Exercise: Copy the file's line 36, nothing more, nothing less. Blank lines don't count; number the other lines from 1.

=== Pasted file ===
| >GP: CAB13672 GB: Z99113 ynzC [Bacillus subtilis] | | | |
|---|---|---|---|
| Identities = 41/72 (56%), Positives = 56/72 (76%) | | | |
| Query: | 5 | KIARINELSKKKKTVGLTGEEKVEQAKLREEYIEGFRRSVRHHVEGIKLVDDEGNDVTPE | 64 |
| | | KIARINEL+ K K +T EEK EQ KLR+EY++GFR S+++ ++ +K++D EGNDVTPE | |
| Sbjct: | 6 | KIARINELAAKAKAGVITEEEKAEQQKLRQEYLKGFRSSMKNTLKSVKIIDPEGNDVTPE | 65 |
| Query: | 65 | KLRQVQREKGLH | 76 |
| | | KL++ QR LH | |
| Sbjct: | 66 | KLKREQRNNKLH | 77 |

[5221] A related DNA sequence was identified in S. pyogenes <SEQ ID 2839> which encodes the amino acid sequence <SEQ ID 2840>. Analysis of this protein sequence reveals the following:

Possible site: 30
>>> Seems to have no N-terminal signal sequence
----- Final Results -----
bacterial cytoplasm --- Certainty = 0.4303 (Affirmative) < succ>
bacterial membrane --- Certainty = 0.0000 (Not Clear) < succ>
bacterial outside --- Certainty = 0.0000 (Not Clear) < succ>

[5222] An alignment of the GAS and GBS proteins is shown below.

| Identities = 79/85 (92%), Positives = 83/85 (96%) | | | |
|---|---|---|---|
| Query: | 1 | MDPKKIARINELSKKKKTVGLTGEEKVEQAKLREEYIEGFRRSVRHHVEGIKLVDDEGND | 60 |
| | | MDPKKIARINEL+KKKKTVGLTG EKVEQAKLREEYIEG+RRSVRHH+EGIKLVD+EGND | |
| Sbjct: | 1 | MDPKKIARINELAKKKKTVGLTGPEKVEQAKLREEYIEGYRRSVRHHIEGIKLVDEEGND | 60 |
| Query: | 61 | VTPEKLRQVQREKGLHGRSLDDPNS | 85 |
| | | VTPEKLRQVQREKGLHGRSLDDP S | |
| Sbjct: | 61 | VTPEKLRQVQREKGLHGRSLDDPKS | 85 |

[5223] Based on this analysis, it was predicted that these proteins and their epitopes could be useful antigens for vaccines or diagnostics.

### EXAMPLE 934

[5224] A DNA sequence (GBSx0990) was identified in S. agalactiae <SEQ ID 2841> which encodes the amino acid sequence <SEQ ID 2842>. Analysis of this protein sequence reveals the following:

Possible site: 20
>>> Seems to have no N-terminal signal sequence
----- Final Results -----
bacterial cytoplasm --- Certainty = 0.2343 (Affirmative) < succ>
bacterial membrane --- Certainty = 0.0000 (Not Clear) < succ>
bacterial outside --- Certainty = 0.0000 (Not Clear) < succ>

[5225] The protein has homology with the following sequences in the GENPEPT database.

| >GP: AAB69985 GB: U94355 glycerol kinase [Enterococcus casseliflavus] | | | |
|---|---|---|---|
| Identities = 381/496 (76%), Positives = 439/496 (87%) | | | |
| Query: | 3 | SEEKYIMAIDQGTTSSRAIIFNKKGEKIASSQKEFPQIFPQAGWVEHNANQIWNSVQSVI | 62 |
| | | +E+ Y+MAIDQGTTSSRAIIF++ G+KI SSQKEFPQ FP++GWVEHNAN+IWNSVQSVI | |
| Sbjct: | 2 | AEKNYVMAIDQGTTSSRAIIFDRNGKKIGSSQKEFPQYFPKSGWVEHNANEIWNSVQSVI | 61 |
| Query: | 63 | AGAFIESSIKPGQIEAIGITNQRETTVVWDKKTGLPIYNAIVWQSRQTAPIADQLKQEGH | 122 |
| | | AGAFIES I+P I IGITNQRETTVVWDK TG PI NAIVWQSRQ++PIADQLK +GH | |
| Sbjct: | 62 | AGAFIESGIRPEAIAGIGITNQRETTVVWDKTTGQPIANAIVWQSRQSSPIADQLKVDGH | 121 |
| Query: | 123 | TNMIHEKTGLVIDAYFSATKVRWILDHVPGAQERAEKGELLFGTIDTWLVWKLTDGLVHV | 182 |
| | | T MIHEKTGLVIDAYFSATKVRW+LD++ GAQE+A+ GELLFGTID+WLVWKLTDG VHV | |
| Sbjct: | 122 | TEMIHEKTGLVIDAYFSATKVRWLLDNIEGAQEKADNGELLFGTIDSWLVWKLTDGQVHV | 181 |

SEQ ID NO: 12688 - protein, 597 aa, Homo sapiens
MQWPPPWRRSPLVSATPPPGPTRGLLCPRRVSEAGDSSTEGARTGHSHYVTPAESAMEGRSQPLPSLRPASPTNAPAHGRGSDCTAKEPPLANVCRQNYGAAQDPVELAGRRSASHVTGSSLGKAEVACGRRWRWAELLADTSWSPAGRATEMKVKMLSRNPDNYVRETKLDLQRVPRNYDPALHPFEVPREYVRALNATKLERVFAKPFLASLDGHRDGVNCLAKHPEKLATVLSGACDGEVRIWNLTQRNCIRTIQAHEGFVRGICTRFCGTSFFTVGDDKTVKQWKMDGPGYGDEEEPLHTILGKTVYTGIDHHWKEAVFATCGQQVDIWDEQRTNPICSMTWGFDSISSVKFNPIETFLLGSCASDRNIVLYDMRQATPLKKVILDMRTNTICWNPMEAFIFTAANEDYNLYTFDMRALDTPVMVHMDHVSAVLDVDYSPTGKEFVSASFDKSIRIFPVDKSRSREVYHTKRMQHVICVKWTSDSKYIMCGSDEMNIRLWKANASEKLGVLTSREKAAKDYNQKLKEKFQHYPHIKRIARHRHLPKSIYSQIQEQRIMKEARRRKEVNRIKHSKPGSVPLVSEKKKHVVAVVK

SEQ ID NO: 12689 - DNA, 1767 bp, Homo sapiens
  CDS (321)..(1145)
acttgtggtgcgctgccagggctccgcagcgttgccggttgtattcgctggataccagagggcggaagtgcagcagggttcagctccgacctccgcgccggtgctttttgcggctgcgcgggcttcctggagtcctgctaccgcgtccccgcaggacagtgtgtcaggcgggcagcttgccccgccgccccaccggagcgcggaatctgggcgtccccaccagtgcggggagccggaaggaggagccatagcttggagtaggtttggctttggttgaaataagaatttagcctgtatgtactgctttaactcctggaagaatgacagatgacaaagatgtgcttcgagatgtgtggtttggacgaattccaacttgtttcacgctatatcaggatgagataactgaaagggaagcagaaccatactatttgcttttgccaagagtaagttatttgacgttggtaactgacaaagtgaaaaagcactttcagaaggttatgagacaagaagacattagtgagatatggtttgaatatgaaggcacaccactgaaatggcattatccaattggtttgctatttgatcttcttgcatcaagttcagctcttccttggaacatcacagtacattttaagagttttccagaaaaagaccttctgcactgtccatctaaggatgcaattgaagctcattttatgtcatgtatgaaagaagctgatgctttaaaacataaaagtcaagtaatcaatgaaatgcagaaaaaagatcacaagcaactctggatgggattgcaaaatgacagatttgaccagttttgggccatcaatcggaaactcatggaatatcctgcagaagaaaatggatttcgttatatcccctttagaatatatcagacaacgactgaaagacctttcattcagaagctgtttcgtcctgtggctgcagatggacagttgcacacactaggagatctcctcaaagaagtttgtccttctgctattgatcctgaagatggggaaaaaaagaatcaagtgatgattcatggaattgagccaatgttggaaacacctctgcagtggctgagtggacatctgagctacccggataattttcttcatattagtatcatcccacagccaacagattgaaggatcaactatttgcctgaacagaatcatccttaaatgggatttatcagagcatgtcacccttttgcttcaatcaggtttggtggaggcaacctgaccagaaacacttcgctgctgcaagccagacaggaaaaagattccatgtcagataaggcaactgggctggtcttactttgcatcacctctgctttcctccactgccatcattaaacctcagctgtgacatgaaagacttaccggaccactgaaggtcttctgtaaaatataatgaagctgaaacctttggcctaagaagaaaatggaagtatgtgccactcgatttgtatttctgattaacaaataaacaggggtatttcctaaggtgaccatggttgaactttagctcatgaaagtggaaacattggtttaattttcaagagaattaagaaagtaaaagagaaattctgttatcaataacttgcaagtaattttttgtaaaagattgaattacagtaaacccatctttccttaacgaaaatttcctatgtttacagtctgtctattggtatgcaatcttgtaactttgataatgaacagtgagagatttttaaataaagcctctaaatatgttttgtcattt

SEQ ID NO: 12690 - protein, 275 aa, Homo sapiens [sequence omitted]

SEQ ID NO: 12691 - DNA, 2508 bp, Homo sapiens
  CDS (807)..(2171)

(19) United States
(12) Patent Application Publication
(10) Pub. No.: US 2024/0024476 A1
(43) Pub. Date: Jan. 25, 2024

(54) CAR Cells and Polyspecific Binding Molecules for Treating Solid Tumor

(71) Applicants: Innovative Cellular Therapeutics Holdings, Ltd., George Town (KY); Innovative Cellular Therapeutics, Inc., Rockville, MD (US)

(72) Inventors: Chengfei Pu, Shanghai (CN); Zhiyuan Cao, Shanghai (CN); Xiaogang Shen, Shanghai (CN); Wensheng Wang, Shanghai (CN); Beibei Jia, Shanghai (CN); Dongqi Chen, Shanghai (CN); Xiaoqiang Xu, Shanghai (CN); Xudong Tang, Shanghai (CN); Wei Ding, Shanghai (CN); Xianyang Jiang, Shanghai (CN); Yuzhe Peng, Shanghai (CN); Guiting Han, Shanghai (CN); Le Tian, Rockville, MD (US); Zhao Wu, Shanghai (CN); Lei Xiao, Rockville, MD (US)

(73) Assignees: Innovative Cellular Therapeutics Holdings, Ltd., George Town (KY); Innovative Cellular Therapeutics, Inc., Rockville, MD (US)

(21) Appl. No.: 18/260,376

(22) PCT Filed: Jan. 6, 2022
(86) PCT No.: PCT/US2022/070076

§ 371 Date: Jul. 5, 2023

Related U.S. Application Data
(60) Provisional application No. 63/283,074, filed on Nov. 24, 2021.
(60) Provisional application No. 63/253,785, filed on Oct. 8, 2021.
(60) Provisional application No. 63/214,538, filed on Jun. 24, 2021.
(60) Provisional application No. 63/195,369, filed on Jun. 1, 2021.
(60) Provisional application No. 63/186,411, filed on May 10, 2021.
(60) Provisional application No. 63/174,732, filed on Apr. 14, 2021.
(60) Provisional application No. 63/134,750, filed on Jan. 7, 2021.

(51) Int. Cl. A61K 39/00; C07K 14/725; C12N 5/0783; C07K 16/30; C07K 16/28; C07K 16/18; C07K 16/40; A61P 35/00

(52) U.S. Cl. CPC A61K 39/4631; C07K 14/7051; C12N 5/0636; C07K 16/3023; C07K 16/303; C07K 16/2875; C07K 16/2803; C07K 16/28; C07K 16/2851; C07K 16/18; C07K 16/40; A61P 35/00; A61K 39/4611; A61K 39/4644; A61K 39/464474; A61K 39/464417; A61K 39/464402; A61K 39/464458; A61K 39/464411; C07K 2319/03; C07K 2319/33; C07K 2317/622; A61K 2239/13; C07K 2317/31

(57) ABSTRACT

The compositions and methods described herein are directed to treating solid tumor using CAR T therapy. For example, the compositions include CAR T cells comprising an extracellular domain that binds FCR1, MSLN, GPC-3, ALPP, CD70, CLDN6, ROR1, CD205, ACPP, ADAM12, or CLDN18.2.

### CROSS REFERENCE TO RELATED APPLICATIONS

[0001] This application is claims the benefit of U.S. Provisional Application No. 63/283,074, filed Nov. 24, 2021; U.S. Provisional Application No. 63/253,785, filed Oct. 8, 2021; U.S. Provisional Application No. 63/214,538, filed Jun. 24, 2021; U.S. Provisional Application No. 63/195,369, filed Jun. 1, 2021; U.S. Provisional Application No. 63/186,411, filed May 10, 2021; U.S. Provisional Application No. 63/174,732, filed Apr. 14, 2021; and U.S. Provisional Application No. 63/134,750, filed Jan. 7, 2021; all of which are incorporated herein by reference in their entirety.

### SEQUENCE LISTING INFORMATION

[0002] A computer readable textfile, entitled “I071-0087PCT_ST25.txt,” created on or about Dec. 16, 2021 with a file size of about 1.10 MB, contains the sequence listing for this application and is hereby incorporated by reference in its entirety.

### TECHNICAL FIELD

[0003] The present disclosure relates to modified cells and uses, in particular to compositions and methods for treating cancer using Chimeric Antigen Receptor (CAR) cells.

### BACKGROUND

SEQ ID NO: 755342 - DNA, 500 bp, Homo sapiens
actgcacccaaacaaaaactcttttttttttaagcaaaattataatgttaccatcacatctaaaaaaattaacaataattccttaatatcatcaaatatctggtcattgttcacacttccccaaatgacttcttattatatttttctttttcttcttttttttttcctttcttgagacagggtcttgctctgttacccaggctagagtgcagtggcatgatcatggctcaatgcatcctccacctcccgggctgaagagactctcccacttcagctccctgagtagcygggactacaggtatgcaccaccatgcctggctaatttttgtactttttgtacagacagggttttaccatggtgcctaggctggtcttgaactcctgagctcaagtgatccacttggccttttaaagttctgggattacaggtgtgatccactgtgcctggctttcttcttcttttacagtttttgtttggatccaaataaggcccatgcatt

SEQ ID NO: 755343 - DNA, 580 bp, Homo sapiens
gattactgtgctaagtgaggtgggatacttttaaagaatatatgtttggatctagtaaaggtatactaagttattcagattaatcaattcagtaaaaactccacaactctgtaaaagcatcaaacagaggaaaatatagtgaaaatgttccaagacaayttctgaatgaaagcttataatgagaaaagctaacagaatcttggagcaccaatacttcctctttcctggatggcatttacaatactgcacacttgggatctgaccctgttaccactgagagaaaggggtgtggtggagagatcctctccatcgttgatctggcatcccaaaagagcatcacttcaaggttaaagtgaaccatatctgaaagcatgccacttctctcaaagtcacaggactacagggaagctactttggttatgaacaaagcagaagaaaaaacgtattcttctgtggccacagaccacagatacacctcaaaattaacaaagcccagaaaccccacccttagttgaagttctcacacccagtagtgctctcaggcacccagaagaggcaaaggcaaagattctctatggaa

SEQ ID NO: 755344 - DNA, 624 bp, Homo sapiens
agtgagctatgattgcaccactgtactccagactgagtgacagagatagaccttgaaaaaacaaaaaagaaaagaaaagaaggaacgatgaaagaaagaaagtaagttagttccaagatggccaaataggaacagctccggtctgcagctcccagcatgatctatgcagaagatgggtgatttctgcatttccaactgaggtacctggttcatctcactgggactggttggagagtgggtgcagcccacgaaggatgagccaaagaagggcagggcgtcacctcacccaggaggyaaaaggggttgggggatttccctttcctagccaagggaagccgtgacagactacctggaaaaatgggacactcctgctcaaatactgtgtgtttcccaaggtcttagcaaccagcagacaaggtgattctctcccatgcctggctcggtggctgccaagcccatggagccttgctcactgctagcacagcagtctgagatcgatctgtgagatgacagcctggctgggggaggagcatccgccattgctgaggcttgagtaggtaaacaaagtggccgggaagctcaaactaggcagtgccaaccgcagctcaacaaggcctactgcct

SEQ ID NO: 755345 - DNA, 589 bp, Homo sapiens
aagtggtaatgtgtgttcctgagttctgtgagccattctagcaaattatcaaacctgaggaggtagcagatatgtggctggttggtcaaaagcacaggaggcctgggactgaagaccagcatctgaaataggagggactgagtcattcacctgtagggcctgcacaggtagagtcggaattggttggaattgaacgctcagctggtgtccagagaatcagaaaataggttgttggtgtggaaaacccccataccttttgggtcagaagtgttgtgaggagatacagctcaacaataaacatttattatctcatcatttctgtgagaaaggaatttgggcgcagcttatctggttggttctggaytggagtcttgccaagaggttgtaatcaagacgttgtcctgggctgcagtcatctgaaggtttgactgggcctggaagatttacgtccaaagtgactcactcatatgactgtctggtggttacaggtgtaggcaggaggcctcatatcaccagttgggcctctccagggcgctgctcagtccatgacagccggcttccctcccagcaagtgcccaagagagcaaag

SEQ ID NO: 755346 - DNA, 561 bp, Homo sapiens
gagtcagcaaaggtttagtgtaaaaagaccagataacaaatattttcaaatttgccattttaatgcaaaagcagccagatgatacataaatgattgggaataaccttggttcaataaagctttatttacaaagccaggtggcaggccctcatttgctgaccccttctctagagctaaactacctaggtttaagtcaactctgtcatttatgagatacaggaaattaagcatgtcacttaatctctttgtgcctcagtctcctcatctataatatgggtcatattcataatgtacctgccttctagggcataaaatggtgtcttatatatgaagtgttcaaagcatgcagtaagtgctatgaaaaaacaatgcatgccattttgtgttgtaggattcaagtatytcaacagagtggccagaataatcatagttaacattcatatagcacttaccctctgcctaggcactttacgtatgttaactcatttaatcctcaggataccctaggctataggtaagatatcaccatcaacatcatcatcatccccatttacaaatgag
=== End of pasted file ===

| >GP: AAB69985 GB: U94355 glycerol kinase [Enterococcus casseliflavus] | | | |